Renewable hydrogen production via biological and thermochemical routes: Nanomaterials, economic analysis and challenges

Fazil Qureshi, Mohammad Yusuf, Muhammad Tahir, Moinul Haq, Montaha Mohamed Ibrahim Mohamed, Hesam Kamyab, Hong Ha T. Nguyen, Dai Viet N. Vo, Hussameldin Ibrahim

Research output: Contribution to journalReview articlepeer-review

27 Citations (Scopus)

Abstract

The urgent need to address greenhouse gas (GHG) emissions, particularly in relation to climate change, is driving the demand for new sustainable renewable fuels. This demand is promoting the expansion of de-carbonization efforts, which hold tremendous potential as a renewable energy source. One area of focus is the production of hydrogen (H2), which has long been a popular subject of discussion. Currently, large quantities of H2 are generated using conventional fossil fuels. However, the finite nature of these resources has compelled the global community to explore alternative, more environmentally friendly options like biomass. Generating H2 on a large scale from various biomasses presents a complex challenge. Researchers have identified thermochemical (TC) and biological (BL) processes as the primary methods for converting biomass into H2, although other techniques exist as well. Commercializing H2 as a fuel presents significant technological, financial, and environmental hurdles. Nevertheless, nanomaterials (NMs) have shown promise in overcoming some of the obstacles associated with H2 production. This review focuses on the use of NMs in TC and BL processes for H2 generation. Additionally, the paper provides a brief overview of the methods and financial considerations involved in enhancing biomass-based H2 production. Studies indicate that the production of bio-H2 is relatively expensive. Direct bio-photolysis costs range from $2.13 kg−1 to $7.24 kg-1, indirect bio-photolysis costs range from $1.42 kg−1 to $7.54 kg−1, fermentation costs range from $7.54 kg−1 to $7.61 kg−1, biomass pyrolysis costs range from $1.77 kg−1 to $2.05 kg−1, and gasification costs $1.42 kg−1. The paper also explores various challenges related to biomass conversion and utilization for H2 production, aiming to better understand the feasibility of a biomass-based H2 economy.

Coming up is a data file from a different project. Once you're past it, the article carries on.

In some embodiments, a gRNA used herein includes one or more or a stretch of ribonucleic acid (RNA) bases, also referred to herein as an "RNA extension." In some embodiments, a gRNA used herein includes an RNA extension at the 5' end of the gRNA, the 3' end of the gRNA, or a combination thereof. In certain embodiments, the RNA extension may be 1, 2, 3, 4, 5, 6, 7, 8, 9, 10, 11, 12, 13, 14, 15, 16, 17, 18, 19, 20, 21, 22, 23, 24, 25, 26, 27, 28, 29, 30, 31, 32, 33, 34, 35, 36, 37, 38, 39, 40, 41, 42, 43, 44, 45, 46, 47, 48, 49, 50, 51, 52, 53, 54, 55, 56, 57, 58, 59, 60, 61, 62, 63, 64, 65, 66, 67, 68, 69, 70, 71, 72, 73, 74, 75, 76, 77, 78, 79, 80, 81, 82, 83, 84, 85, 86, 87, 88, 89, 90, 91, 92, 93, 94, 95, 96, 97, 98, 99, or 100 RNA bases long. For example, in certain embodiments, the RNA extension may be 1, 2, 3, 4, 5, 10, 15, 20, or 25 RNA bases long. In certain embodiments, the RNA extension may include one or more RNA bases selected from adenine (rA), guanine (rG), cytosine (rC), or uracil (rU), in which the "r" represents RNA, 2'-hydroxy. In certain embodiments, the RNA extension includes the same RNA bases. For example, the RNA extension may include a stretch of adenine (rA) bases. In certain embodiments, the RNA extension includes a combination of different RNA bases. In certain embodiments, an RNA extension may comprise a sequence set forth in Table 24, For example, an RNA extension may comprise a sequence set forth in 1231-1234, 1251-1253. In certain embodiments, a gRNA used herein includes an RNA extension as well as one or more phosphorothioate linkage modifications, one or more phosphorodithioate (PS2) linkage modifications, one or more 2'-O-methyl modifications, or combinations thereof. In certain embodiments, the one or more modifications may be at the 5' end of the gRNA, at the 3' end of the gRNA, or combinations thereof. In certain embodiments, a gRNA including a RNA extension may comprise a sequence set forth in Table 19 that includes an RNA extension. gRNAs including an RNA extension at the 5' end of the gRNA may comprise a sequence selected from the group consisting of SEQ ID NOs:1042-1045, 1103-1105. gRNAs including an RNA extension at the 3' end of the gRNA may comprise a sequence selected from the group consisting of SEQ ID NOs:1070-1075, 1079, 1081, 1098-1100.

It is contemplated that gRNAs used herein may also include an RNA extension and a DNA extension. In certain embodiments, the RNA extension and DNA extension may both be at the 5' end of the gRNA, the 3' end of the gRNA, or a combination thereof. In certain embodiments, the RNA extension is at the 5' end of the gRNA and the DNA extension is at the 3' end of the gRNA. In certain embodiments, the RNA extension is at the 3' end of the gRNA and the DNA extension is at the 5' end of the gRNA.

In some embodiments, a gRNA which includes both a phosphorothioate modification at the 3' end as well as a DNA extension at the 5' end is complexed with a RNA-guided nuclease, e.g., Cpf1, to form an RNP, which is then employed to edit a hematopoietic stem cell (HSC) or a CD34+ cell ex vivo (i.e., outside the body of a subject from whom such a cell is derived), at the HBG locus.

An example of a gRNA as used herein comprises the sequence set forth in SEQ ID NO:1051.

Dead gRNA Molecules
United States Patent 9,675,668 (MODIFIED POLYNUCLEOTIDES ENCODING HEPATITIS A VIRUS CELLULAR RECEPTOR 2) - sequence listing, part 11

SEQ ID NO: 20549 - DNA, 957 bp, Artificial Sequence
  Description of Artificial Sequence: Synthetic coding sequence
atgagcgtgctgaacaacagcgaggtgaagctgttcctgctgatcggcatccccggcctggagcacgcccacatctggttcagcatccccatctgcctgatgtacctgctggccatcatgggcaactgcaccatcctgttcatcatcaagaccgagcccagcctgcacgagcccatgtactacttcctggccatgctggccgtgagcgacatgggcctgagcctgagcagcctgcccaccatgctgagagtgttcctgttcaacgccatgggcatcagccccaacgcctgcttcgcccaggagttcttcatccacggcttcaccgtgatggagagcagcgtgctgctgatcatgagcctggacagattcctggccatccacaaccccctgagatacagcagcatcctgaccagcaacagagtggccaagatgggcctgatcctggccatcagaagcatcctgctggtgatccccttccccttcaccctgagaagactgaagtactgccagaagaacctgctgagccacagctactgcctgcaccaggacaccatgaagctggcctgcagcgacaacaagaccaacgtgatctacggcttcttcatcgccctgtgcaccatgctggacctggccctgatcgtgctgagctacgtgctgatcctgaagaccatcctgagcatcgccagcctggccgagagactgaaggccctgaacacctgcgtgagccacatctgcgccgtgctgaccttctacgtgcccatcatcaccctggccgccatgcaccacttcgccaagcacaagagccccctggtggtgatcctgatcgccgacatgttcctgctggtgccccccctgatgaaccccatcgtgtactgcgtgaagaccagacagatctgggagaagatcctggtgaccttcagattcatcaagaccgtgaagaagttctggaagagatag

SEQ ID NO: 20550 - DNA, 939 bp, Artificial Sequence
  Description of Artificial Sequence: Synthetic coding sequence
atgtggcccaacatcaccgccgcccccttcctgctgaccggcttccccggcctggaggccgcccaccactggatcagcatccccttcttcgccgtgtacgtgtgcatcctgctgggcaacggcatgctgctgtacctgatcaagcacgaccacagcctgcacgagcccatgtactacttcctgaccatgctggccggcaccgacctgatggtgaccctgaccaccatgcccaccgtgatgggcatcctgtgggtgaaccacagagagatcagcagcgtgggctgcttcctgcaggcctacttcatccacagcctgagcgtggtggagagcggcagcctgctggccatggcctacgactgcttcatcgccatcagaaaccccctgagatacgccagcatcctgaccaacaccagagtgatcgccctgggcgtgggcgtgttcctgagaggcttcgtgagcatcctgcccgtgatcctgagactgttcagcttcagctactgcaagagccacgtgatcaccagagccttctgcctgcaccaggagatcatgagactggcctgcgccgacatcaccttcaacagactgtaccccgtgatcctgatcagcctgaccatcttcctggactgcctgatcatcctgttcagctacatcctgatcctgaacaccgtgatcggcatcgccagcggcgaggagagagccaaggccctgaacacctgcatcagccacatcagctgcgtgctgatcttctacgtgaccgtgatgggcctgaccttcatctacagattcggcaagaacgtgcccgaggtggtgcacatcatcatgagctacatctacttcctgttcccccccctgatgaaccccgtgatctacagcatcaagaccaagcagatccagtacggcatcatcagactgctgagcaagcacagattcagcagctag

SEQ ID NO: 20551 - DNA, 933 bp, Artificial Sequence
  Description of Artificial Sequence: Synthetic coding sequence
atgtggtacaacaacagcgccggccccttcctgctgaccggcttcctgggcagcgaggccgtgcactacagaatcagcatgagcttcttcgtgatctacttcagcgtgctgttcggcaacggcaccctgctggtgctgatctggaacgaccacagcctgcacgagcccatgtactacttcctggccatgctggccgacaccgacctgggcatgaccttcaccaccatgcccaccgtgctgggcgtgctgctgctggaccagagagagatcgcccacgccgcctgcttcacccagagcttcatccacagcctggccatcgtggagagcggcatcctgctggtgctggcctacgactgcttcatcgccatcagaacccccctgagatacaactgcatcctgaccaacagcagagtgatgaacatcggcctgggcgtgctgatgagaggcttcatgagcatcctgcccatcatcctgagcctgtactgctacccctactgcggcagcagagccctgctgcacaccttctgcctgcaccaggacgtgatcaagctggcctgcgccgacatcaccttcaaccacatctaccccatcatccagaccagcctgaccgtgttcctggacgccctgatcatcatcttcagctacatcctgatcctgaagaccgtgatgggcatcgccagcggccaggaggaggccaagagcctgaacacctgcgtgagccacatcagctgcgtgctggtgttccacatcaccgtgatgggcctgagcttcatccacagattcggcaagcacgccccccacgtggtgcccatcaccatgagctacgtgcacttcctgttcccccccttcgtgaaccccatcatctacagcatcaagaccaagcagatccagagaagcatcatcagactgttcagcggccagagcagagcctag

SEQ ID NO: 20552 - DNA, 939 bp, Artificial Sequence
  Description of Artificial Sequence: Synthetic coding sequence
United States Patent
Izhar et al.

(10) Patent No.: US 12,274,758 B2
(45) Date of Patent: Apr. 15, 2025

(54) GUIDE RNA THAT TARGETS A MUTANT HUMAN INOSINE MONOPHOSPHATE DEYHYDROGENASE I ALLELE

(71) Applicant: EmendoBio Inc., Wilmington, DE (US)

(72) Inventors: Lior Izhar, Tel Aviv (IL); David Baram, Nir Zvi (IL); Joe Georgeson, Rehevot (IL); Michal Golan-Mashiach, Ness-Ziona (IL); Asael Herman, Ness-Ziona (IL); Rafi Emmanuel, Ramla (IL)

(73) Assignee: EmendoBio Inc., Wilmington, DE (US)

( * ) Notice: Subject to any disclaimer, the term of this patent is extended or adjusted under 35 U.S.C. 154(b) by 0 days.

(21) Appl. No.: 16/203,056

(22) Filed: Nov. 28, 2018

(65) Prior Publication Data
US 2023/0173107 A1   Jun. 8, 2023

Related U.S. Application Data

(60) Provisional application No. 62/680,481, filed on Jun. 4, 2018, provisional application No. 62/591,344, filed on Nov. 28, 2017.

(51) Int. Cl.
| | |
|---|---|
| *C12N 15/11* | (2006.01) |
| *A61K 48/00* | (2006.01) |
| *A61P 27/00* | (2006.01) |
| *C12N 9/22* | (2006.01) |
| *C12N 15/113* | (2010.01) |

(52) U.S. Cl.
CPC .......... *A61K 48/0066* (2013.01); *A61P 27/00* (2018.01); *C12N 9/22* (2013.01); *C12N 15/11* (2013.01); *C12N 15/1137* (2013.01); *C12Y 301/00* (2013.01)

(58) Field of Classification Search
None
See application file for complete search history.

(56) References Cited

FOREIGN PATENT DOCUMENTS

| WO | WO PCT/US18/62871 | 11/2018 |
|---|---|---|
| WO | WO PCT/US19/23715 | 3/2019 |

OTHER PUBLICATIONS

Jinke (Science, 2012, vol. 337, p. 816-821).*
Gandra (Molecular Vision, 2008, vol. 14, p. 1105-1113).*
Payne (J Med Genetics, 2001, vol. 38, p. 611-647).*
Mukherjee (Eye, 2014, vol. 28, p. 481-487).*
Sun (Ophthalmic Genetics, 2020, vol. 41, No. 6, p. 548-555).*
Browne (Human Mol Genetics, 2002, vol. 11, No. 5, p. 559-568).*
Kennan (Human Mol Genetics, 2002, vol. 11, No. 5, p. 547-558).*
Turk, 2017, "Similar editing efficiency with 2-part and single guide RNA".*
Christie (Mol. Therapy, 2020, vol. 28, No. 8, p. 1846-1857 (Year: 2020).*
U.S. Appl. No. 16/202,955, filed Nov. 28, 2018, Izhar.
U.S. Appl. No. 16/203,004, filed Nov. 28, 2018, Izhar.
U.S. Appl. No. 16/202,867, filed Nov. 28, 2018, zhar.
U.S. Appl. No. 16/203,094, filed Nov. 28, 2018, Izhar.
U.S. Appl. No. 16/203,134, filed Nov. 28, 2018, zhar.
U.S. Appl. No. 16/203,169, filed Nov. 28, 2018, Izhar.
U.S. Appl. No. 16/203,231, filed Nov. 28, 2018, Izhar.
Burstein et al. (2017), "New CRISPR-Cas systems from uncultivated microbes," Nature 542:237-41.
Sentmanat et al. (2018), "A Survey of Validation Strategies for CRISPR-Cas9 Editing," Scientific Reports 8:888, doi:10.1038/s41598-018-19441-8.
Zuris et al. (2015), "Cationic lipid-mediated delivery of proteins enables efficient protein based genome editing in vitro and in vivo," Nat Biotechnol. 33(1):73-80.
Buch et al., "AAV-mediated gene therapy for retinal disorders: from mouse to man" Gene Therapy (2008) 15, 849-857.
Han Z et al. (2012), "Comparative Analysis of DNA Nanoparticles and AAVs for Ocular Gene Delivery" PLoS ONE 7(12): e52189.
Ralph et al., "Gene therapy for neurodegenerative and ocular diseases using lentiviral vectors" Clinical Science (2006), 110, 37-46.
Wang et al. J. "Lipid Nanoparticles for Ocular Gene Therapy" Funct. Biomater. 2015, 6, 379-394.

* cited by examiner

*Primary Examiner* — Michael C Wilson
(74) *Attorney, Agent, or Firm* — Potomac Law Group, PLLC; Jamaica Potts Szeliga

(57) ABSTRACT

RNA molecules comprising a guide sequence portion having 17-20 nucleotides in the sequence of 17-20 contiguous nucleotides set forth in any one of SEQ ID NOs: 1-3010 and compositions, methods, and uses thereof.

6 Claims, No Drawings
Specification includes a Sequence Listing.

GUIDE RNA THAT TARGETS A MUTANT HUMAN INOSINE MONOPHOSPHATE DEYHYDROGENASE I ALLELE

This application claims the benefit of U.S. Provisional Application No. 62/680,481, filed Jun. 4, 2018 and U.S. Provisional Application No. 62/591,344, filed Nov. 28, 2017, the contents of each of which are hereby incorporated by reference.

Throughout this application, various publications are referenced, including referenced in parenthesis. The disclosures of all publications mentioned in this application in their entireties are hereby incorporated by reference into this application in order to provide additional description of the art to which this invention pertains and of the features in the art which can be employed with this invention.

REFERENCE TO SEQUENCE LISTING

Original languageEnglish
Pages (from-to)68-88
Number of pages21
JournalProcess Safety and Environmental Protection
Volume179
DOIs
Publication statusPublished - Nov 2023

Keywords

  • Biological hydrogen
  • Economic analysis
  • Greenhouse gases
  • Nano-materials
  • Thermochemical hydrogen

ASJC Scopus subject areas

  • Environmental Engineering
  • Environmental Chemistry
  • General Chemical Engineering
  • Safety, Risk, Reliability and Quality

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